Sunday, December 4, 2011
by April Henry
Sixteen year-old Cheyenne Wilder is sleeping in the back of a car while her mom fills her prescription at the pharmacy. Before Cheyenne realizes what's happening, their car is being stolen--with her inside! Griffin hadn’t meant to kidnap Cheyenne, all he needed to do was steal a car for the others. But once Griffin's dad finds out that Cheyenne’s father is the president of a powerful corporation, everything changes—now there’s a reason to keep her. What Griffin doesn’t know is that Cheyenne is not only sick with pneumonia, she is blind. How will Cheyenne survive this nightmare, and if she does, at what price? (description from Amazon.com)
This was a really well done book. I was impressed by how Henry really gives insight into what it's like to lose your vision and then having to relearn how to do everything without sight. Cheyenne's struggles to have a regular day to day life and completely compounded by her victimization. She is a strong character that you couldn't help but root for through and through.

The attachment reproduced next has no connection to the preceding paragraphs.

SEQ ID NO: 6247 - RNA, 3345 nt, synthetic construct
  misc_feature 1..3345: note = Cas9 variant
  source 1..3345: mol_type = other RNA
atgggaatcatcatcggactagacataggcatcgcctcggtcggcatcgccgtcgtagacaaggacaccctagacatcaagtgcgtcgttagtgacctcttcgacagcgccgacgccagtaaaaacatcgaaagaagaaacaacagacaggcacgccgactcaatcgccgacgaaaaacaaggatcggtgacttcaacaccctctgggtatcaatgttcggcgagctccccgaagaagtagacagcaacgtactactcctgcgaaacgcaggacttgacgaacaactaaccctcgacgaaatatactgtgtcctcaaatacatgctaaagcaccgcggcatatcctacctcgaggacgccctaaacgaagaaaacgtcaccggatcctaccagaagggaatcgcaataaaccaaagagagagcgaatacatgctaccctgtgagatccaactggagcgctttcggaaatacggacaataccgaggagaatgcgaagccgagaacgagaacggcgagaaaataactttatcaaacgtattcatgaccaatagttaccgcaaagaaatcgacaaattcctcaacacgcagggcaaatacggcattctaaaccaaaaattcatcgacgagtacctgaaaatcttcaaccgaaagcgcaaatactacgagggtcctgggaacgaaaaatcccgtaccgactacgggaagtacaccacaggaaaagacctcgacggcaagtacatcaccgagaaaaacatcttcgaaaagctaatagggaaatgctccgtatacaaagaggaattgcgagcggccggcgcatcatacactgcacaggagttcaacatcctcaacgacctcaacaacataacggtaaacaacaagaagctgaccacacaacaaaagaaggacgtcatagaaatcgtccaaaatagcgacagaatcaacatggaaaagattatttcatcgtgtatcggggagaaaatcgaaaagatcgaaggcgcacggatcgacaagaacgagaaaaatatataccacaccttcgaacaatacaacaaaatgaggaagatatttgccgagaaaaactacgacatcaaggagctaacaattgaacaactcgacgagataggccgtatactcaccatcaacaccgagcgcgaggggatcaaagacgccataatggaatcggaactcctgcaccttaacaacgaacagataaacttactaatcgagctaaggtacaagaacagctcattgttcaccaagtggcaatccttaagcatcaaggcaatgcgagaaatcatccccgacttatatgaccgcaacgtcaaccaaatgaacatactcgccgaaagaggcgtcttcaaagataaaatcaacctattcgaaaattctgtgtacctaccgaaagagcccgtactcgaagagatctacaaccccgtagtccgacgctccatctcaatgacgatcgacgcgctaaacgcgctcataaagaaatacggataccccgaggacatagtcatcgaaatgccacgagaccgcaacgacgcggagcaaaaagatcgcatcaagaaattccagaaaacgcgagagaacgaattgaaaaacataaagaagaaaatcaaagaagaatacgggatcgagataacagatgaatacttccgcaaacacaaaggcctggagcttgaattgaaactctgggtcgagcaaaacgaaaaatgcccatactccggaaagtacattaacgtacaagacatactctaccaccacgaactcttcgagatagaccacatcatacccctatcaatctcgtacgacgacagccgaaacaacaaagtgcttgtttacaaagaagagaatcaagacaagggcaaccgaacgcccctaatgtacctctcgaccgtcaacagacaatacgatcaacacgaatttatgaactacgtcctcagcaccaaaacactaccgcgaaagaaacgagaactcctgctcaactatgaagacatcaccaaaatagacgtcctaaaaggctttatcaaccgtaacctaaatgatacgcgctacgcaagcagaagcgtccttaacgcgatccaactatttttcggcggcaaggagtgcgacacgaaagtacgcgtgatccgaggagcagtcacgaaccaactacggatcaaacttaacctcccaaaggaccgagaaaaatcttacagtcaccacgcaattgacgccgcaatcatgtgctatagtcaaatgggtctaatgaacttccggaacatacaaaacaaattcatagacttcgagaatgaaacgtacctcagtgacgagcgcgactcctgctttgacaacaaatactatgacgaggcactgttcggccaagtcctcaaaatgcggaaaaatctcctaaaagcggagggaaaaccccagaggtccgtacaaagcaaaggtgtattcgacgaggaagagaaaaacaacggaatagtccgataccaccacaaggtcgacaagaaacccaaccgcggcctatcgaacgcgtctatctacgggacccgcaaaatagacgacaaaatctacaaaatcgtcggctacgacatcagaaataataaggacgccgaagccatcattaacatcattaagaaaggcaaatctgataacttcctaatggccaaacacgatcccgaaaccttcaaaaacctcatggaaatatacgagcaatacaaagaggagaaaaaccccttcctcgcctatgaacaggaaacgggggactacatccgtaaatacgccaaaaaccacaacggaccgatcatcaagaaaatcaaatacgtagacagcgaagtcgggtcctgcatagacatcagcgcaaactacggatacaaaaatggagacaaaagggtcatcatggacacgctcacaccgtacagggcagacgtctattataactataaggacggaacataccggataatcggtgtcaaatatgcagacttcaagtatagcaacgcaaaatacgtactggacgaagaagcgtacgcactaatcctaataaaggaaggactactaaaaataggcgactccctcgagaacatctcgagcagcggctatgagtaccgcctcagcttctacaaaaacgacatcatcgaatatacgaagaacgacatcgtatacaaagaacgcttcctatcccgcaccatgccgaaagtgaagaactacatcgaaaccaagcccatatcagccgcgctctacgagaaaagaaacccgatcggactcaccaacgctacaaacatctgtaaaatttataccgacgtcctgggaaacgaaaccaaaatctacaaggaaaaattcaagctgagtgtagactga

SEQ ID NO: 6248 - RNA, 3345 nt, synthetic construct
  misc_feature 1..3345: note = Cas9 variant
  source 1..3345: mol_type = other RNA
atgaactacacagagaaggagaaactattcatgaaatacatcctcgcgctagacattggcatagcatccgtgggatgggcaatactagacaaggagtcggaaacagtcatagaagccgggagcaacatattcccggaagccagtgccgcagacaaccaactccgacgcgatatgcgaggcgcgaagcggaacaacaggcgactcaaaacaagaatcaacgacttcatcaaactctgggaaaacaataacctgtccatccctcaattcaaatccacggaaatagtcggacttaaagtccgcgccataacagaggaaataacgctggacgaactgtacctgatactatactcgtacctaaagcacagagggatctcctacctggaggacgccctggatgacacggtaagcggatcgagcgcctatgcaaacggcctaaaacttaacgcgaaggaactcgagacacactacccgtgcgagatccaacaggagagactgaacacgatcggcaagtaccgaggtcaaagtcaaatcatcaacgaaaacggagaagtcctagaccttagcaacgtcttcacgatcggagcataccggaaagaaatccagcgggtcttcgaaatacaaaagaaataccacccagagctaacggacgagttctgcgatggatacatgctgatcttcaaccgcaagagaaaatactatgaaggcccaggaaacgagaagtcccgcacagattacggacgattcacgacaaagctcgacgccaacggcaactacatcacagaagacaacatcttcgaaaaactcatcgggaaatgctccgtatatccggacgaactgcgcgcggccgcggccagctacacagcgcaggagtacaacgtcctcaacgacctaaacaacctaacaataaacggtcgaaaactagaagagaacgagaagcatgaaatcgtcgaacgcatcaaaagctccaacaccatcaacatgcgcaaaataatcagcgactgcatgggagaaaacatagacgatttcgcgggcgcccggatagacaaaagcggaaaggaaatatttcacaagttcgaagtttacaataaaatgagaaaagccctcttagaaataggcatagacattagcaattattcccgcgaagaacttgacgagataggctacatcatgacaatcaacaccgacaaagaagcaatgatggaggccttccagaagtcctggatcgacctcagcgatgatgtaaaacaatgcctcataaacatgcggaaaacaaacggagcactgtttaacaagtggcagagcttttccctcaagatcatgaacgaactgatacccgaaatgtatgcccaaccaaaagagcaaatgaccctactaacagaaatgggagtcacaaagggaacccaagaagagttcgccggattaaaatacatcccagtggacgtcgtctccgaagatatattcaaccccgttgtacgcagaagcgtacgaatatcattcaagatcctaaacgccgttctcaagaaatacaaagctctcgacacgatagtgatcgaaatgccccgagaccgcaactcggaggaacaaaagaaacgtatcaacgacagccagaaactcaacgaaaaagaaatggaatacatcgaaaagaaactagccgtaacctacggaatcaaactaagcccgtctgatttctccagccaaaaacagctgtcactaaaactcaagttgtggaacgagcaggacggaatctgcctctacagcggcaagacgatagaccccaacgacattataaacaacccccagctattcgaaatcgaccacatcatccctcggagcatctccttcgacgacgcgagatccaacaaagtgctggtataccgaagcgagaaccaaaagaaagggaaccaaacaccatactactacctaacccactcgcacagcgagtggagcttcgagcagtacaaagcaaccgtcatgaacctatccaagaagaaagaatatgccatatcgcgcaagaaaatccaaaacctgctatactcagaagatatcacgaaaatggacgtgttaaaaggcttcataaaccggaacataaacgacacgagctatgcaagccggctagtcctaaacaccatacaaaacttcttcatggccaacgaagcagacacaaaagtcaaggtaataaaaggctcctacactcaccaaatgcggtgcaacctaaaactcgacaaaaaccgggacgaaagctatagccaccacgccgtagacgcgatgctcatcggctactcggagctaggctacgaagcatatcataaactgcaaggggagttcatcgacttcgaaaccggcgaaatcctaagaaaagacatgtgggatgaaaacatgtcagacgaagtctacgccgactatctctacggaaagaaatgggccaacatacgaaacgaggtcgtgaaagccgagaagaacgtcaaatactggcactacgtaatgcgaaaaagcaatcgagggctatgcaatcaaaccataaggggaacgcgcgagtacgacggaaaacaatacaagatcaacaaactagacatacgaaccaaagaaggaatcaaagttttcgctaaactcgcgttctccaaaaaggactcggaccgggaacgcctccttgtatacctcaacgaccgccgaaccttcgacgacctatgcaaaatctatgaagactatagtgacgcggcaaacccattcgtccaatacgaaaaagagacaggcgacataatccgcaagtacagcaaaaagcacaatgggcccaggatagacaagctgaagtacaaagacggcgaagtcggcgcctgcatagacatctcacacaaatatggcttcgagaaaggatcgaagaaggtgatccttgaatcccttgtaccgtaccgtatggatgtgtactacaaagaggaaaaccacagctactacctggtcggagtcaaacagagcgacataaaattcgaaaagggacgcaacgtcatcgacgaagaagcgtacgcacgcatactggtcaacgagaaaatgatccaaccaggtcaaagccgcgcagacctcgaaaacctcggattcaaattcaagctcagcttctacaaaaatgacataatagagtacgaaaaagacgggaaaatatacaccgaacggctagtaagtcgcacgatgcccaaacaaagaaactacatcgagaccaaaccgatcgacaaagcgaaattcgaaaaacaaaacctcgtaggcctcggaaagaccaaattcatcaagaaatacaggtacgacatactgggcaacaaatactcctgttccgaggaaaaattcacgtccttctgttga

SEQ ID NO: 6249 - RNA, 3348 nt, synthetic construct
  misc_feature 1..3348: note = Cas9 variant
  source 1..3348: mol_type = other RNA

This book also brought up a lot of really great questions - about morality, about what makes a person good or bad, whether or not you can be forgiven for making a serious mistake. Can Griffin overcome the horrible things he was taught by his father? If Griffin kidnapped Cheyenne, but then tries to help her, is Griffin a good guy or a bad guy? Is anyone really good or bad?
Finally, as a dog lover and someone who has two dogs that are both part bully breeds (pit bull, basically), I loved the dog component in this book. Not only do you hear a lot about Cheyenne's seeing eye dog, but she ends up rescuing a junk yard pit-bull. She proves that dogs are not inherently mean, but are taught to be by bad people... I loved it!